Texas high school says Myspace, Facebook 'ban' was coach's mistake

TEXAS — Northside Independent School District officials in SanAntonio quickly knocked down a verbal policy a local high school coach instilledduring a volleyball-parent orientation meeting last week.

Head Coach Kristen Daniell for Tom C. Clark High School’s girlsvolleyball team told parents [and students] during a formal athletic orientationthat her players were not permitted to maintain a profile on the popularsocial-networking sites MySpace or Facebook.

Pascual Gonzalez, Department of Communications executive director for theschool district, quickly knocked down media reports that a “ban” wasenforced on student athletes.

“There is no policy that forbids students from having MySpaceaccounts and there won’t (be),” Gonzalez said.

Gonzalez maintains that Daniell simply did not understand district policiesand was “overzealous in her wish to protect her student athletes.”

The school district was notified when an unknown parent at the orientationmeeting notified local news outlets, Gonzalez said.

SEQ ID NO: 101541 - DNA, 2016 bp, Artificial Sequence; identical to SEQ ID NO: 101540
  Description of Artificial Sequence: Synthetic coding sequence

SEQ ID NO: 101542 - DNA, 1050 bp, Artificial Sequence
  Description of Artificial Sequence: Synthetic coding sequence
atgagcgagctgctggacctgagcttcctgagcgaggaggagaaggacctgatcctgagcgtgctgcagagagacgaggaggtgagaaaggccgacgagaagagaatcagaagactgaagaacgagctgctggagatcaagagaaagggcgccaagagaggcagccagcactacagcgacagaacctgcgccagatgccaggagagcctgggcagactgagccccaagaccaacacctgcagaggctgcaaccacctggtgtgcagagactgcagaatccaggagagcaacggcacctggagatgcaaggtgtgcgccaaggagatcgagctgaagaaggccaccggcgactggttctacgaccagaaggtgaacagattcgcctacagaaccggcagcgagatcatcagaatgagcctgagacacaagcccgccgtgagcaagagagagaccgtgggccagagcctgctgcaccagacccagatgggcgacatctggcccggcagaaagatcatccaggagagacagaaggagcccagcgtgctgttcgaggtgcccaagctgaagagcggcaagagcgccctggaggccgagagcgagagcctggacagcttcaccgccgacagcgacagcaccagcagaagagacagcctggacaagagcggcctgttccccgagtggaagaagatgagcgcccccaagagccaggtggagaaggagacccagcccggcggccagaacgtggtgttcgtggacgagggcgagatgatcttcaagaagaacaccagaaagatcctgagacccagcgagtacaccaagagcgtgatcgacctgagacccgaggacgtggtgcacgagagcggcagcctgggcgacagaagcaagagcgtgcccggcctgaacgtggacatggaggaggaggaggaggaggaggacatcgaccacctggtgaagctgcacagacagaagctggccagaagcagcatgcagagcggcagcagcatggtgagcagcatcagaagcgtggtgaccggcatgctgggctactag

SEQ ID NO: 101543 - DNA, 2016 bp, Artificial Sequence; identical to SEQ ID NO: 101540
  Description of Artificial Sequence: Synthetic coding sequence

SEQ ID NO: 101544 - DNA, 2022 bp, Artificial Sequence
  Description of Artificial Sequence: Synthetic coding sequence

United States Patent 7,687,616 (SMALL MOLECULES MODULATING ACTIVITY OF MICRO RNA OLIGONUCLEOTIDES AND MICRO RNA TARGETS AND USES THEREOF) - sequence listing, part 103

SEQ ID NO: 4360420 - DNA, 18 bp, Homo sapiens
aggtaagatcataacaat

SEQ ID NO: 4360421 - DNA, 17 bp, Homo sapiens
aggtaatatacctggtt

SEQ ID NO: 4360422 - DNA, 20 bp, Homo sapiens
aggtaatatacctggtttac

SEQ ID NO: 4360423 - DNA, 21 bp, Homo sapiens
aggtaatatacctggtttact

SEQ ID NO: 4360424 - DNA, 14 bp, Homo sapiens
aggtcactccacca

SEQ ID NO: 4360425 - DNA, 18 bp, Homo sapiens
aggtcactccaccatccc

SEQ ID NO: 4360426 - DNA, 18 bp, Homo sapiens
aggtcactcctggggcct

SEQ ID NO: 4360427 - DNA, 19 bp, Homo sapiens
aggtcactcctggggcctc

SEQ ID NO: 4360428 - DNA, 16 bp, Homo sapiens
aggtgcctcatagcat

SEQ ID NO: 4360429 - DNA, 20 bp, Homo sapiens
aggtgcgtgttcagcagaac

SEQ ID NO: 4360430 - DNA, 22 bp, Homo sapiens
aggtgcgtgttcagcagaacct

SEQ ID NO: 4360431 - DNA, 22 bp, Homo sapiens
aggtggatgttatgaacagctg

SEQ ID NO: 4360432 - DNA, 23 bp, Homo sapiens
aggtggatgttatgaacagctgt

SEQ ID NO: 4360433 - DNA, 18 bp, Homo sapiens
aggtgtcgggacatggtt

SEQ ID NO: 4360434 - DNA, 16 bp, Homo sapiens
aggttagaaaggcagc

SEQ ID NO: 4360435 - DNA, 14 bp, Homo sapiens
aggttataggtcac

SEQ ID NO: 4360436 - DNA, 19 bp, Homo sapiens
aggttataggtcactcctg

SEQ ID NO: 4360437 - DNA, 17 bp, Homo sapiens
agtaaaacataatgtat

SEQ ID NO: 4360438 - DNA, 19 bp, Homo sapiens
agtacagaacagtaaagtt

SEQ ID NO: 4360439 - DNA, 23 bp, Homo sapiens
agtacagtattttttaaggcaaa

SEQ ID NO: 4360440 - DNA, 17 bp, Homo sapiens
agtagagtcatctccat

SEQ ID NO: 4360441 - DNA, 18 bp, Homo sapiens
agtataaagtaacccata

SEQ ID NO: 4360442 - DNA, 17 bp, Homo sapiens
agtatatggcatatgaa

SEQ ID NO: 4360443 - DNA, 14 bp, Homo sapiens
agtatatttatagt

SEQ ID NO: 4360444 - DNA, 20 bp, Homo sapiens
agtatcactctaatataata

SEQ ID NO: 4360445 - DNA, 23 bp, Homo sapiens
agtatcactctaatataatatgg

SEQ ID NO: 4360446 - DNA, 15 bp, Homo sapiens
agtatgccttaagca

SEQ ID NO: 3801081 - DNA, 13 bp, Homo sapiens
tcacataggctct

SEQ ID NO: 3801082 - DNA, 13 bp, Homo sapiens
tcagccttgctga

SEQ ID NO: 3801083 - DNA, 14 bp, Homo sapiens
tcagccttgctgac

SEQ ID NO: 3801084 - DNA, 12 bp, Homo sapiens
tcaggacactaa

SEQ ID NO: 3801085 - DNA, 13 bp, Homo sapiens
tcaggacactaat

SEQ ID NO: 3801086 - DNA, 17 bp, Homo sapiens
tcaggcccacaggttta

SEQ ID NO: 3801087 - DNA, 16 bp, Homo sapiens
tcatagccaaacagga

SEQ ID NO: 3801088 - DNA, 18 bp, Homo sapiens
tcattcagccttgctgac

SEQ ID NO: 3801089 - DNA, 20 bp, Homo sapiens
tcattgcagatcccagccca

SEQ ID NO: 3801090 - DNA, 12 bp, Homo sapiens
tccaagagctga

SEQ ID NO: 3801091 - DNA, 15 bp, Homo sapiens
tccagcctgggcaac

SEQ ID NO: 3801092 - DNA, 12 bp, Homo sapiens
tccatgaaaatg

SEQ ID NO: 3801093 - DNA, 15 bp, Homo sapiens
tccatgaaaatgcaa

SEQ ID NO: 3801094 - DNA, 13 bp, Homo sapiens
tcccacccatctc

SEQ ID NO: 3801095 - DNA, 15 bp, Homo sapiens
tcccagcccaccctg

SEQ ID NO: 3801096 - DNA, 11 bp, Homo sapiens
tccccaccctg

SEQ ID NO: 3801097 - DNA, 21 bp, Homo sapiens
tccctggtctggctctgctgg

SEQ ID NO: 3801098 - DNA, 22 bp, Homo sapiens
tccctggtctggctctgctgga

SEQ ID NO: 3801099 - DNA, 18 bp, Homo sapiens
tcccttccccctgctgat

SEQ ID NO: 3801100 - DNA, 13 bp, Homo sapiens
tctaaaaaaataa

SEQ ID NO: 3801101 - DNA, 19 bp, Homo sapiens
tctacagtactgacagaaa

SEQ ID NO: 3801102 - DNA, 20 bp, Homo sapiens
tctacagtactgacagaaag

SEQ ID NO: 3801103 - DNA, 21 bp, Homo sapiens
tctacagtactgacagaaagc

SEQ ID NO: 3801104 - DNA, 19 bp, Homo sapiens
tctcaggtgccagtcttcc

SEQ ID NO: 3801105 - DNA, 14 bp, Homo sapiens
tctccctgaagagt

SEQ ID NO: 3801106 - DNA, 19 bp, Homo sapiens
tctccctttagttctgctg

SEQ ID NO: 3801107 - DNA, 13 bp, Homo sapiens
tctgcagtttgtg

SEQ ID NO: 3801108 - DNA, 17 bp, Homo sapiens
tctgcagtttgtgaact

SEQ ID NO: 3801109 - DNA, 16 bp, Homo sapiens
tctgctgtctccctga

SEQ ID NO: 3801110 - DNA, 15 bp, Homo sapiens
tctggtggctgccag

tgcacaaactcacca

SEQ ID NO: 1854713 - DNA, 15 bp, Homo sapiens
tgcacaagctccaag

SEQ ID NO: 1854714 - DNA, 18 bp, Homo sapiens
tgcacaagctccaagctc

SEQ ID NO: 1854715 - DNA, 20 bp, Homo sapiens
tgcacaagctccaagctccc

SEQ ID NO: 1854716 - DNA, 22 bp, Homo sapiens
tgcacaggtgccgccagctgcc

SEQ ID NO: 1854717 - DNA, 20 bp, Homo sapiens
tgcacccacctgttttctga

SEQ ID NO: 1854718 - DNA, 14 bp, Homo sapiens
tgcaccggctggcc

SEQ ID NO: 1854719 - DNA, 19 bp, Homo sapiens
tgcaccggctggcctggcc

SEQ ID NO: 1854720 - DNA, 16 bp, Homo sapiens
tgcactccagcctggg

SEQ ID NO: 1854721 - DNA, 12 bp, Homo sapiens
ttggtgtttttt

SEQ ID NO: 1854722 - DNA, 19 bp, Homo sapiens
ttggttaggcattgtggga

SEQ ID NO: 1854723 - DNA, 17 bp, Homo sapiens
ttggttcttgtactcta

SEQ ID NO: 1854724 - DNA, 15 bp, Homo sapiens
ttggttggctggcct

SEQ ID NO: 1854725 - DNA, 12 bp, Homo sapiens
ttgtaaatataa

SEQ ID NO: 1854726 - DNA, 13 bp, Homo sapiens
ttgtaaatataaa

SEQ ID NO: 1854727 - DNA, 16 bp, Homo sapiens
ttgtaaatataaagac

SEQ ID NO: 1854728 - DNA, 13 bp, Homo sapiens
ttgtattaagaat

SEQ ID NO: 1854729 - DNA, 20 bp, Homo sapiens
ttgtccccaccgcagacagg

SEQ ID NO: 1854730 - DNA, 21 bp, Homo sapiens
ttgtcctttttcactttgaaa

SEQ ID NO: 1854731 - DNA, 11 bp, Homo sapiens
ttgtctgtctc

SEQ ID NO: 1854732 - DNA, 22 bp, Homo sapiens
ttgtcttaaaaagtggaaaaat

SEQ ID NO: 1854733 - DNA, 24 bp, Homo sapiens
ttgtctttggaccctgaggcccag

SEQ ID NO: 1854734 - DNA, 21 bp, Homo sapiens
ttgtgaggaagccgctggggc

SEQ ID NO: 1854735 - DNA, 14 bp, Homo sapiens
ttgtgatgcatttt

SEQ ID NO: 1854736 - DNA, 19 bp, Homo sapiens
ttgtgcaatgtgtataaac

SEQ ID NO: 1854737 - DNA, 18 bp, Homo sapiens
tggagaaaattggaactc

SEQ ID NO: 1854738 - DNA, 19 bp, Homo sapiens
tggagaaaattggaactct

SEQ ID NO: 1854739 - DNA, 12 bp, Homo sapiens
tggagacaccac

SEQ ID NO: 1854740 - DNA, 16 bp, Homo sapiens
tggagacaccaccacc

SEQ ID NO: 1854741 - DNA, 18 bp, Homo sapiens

Stanley Laing, Clark High School principal, said the moment he heard whatDaniell had done, he met with her after the Labor Day recess to correct herstatement.

“There was misinformation given, and we’ve corrected it,”Laing said.

In a Sept. 2 letter provided by Laing and addressed to the volleyballplayers’ parents, the Clark High School athletic program wrote there was no suchpolicy forbidding students from taking part in social-networking Web sites.

“However, it is our intent … to discourage our athletes visitingsocial-networking Web sites for their own protection,” the letter read.”History has taught us that students appearing on certain Web sites haveput themselves in jeopardy of violating various school district and athleticpolicies.”

Gonzalez said the school district has a higher standard for studentathletes regarding disciplinary action. Each athlete must sign an Athletic Codeof Conduct, he said.

“There have been kids that have been busted for having pictures ofthemselves drinking beer or smoking pot or inappropriate photography exposingthemselves,” Gonzalez said. “And, they realize it can come back andhurt them later.”

Daniell declined a request to be interviewed for this story.

This is not the first controversy to hit Clark High School involvingsocial-networking Web sites, Gonzalez said. He said there have been a dozencases of students being disciplined for “inappropriate”behavior.

In 2006, Anna Draker, an assistant principal for the school, sued twostudents for posting fraudulent information about her on MySpace. The case isstill pending.